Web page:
Participants leave their money in a seperate account. I am looking to set up an excel model where I have 4 of these 5 variables, and derive the 5th based on the the forumals inputed Grantors money Participants money Market returns Guaranteed rate of return to the low income savers Grantor/Particpant ratio

Do an example for me. 10 grantors put \$1000 in and 1 participant puts \$1000 in. The market (stock market, yes?) goes up 20%. Money market interest is 5%. Who gets what?

Hi Joey, Here is an example. Grantors money is 10000 Participants money is X Market return (that the Grantors money was put in) is 5% Guaranteed return for Particpants: 12%. What is the ratio of Grantors to Participants money(or the highest possible amount of Partipant money) that can be put in that will not jeapordize the guarantted 12% return? Thanks for your help. For what its worth, I was given this as the needed formula, but I don’t know how to create an excel model showing such Simple one-period returns: Code: let g = Grantors money let p = Participants money let m = Market returns let r = Guaranteed rate of return to the low income savers let G = g/p = ratio of grantors’ money to participants’ money g * (1+m) ¡Ý p * (1+r) G ¡Ý (1+r)/(1+m) r ¡Ü G*(1+m) - 1 m ¡Ý (1+r) / G - 1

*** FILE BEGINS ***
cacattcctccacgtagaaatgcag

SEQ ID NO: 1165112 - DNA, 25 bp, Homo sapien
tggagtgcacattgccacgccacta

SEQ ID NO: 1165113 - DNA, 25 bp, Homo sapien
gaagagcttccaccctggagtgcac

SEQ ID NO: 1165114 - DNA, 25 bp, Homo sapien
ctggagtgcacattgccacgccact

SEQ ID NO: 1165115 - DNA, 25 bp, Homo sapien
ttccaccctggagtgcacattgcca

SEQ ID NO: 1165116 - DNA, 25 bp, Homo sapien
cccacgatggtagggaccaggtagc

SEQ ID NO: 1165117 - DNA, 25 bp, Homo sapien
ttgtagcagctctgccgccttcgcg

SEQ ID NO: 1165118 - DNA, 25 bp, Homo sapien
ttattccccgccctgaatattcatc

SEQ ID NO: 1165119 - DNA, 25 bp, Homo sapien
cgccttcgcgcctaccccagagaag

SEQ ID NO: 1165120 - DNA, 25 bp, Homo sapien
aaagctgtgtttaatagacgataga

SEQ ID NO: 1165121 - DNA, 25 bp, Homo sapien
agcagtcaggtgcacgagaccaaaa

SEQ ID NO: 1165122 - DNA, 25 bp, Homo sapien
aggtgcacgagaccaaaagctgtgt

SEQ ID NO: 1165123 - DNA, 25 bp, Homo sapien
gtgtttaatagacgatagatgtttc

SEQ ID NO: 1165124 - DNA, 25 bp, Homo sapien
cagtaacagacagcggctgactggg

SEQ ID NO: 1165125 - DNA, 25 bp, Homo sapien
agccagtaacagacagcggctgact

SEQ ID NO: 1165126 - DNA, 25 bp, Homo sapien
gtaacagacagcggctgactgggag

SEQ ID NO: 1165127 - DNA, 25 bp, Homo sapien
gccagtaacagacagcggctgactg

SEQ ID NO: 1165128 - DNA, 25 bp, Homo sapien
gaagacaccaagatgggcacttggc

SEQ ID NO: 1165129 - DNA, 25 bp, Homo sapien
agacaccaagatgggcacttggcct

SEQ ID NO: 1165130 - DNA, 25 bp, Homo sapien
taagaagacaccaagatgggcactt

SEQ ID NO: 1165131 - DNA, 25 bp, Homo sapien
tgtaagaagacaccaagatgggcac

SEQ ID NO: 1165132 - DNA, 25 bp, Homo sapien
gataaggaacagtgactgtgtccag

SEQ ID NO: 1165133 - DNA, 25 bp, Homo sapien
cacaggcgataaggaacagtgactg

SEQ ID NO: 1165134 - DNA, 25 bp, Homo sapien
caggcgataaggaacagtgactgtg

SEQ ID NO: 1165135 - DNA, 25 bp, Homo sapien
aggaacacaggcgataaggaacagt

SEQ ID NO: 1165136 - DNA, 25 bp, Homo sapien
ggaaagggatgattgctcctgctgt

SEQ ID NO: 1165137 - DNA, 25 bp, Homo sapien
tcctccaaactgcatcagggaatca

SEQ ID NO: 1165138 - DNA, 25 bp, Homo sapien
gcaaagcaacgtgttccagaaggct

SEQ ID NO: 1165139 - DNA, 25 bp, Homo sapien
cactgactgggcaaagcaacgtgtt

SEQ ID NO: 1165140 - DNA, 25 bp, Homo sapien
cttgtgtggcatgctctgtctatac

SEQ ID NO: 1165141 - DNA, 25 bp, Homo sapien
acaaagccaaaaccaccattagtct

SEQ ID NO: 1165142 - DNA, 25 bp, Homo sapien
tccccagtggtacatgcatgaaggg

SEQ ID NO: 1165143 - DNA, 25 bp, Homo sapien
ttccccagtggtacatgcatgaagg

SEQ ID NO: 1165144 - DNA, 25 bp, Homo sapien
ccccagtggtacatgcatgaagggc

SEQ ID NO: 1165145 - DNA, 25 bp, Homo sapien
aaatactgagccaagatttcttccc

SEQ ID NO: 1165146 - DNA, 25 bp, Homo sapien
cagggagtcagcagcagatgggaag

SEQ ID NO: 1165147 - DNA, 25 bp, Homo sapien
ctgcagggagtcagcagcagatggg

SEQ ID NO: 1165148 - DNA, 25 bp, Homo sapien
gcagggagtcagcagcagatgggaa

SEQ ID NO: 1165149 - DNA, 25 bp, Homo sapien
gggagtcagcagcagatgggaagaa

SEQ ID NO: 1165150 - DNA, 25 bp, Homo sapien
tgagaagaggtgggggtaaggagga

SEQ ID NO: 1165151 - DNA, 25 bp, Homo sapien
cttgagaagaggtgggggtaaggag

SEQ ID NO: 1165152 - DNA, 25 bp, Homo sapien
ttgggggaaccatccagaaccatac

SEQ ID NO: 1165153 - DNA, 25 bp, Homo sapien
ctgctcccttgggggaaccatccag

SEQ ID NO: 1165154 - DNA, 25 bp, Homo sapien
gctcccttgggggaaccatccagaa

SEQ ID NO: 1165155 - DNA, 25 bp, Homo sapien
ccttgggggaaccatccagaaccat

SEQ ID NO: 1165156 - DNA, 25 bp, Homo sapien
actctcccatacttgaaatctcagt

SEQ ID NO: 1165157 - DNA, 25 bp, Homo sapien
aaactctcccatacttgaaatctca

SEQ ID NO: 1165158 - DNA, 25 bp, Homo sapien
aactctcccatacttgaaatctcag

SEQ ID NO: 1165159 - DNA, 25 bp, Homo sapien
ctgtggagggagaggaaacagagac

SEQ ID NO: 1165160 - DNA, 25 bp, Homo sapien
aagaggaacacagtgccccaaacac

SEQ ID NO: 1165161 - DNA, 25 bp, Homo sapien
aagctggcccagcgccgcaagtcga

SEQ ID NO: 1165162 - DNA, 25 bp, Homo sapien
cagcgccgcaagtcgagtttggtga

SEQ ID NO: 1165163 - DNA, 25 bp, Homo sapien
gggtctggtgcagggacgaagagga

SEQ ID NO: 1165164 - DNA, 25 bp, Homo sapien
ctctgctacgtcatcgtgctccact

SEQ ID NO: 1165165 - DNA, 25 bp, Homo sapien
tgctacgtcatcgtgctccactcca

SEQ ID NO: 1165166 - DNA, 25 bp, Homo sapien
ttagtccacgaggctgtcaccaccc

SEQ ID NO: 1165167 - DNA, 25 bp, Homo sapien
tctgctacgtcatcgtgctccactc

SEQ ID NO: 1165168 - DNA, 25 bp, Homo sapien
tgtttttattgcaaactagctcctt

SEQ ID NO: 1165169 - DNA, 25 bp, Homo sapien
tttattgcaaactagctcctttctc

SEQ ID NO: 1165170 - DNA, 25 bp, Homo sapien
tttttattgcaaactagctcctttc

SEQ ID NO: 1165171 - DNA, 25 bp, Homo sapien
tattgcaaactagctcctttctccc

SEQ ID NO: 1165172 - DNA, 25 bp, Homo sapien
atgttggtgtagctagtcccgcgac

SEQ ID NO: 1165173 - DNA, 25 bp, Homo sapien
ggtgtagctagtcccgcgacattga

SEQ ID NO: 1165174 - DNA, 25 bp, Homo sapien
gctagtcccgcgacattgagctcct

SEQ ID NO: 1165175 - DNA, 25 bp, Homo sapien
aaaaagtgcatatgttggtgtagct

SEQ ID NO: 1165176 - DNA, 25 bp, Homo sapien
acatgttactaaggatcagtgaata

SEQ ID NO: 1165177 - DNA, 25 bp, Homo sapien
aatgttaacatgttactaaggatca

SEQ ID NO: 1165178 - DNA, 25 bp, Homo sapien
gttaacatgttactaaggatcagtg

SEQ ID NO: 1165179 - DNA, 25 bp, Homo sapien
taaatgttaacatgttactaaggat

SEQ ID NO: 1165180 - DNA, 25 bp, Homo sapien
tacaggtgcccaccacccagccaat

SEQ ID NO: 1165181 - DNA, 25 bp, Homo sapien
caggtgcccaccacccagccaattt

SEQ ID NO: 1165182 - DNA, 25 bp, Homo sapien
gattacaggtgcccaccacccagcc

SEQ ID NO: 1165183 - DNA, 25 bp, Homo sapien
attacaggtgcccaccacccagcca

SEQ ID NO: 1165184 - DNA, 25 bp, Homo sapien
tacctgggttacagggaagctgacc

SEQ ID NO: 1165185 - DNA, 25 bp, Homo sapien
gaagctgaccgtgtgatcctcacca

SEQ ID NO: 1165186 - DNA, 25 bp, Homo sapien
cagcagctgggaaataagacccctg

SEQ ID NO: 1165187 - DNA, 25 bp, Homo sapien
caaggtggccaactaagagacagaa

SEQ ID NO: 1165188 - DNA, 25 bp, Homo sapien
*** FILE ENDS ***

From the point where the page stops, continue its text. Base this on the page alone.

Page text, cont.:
I still don’t get it (which probably means you don’t either). The formula having unprintable characters doesn’t help. If the participant is guaranteed a return, then that guarantee needs to be funded by someone else, presumably the grantors. Why is a grantor doing this and what does he get except the privilege of handing out free ITM puts?